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Codes, Java, Ruby

Các Đoạn Code Tính Dãy Fibonacci

Dãy Fibonacci là dãy vô hạn các số tự nhiên bắt đầu bằng hai phần tử 0 và 1, các phần tử sau đó được thiết lập theo quy tắc mỗi phần tử luôn bằng tổng hai phần tử trước nó. Đối với chúng ta, các đoạn mã ngôn ngữ C dùng để giải bài toán tính dãy Fibonacci này cũng đã trở nên rất quen thuộc. Dưới đây là một số ví dụ mẫu tính Fibonacci được giải bằng một số các ngôn ngữ khác nhau:

Trong C:

 * You'll notice that we need to include a header file that
 * contains functions we need to use. Being a compiled language,
 * it's inefficient to include functions that aren't needed.
 * stdio.h contains functions for reading from and writing to the console

#include <stdio.h>

 * In C, the program executes the main function. You should also take note
 * that we must declare a return type for the function. In this case, it's
 * an integer, and we return 0 to indicate successful completion of the
 * program.

int main ()
  /* Notice that we need to declare our variables, and their type */

  int n;

  /* printf prints a formated string to the stdout */

  printf("\nHow many numbers of the sequence would you like?\n");

  /* scanf reads a formated string from the stdin. We are expecting an integer here. */


  /* Here we call the fibonacci function */


  /* Finally, return 0 */

  return 0;

 * This is the simple fibonacci sequence generator. Notice also, we
 * declare the type of variable we expect to be passed to the function.

int fibonacci(int n)
   * Here we declare and set our variables.
  int a = 0;
  int b = 1;
  int sum;
  int i;

   * Here is the standard for loop. This will step through, performing the code
   * inside the braces until i is equal to n.
  for (i=0;i<n;i++)
    sum = a + b;
    a = b;
    b = sum;
  return 0;

Trong PHP:

 * This is our main function. In PHP, there isn't really a need for this to be
 * a function, but to keep consistant, I've placed it there anyway, and called
 * it from the script. In keeping with good programming practices, this script
 * exits with a status 0. Any other status would indicate an error condition.

function main(){

  printf("How many numbers of the sequence would you like?\n");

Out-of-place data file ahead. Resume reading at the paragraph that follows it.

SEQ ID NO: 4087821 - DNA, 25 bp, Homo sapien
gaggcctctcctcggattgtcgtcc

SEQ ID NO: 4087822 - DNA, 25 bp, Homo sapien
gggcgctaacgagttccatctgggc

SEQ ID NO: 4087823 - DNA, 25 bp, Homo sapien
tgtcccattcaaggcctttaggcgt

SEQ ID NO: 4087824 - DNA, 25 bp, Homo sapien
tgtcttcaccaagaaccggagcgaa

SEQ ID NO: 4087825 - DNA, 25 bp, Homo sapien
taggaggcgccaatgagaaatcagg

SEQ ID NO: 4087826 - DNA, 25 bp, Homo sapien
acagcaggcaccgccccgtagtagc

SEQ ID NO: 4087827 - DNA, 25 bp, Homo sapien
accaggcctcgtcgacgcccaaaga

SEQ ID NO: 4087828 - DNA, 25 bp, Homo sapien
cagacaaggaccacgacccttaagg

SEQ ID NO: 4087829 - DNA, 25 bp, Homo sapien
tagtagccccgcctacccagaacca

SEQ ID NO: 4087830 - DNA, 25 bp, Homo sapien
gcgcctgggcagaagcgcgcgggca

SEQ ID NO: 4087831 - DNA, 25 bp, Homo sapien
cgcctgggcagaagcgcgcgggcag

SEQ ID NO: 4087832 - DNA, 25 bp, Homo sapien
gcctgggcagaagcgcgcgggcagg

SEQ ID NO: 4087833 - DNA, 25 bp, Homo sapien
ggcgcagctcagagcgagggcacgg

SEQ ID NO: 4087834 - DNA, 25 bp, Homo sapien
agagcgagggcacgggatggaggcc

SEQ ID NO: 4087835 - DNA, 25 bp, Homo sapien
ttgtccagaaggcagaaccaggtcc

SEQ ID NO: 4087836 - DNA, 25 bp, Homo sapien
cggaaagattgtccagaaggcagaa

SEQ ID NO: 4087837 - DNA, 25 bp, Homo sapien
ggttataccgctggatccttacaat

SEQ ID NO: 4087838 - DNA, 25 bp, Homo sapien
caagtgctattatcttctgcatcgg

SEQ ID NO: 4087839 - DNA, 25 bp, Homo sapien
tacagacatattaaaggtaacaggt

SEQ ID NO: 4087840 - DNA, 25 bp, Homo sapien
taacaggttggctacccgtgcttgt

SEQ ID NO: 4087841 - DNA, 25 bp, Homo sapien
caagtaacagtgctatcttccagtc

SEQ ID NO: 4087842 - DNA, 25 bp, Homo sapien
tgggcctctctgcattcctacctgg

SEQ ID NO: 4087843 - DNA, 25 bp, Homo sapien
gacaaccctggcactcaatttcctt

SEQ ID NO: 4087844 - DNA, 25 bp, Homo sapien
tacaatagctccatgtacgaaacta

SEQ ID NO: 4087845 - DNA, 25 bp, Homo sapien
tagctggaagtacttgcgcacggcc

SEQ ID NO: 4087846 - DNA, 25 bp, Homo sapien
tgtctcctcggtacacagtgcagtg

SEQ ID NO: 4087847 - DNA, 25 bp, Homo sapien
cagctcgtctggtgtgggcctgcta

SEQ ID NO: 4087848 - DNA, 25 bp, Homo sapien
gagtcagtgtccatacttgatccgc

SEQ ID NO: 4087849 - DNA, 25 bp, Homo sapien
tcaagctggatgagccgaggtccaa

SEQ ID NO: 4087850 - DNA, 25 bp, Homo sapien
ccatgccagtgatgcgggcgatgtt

* To read from stdin in php, you open it as a file handle, and use
   * the standard file reading functions

  $n = rtrim(fgets($fr,128));
  fclose ($fr);

  /* Then we call the fibonacci function */

 * The fibonacci function should look familiar.

function fibonacci($n){
   * Notice that in PHP, we do not have to declare our variables, nor must we
   * declare their types. Also see how variables in PHP are prefaced with the
   * dollar sign. Other than that, this is identical to the C version of this function.
  $a = 0;
  $b = 1;
  for ($i = 0; $i < $n; $i++){
    $sum = $a+$b;
    $a = $b;
    $b = $sum;

 * In PHP, program execution starts here. It isn't neccessary to place functions
 * ahead of the program, but it's a good practice. In a larger application, these
 * functions would be in seperate files. Again, since PHP is a procedural language,
 * I could have simply included the contents of the main function here, rather than
 * defining a function and calling it.



Trong BASH:

# Here is our main function. Like PHP, I could have simply placed this in the script
# rather than having a function. You notice that like C and PHP, the printf function
# still exists. Unlike C and PHP function calls do not enclose the parameters with
# paraenthsis.

function main {
  printf "\nHow many numbers of the sequence would you like?\n"

  # Bash lets us use a function "read" to get input from stdin
  # Notice that we are not using a dollar sign in front of the variables when
  # we set them, but we need to when we use them.

  read n
  fibonacci $n

  # Again, I'm exiting with status 0

  exit 0

# Starting to look familiar? This function is actually a little different than the
# C style for loop that we've used before. Instead we use while..do..done to accomplish
# the same thing. You'll also see that rather than specifying parameters in the
# function;s declaration, we simply reference the variable "$1" to get the first parameter
# passed when the function was called.

function fibonacci {

  while [ $i -lt $1 ]
    printf "%d\n" $a
    let sum=$a+$b
    let a=$b
    let b=$sum
    let i=$i+1


Trong Perl:

# Functions in Perl are called subroutines. Like bash, you don't define the
# parameters in the function declaration. We'll see how to access the parameters
# when we look at the Fibonacci subroutine below.

sub main {

# Again, the ubiquitous printf function. Apparently a staple of programming
printf "\nHow many numbers of the sequence would you like?\n";

# Once again, we don't need to declare variables before using them.
# Perl's scalar variables, prefaced with $, can be either strings or numbers
# We use <STDIN> to get the data from stdin here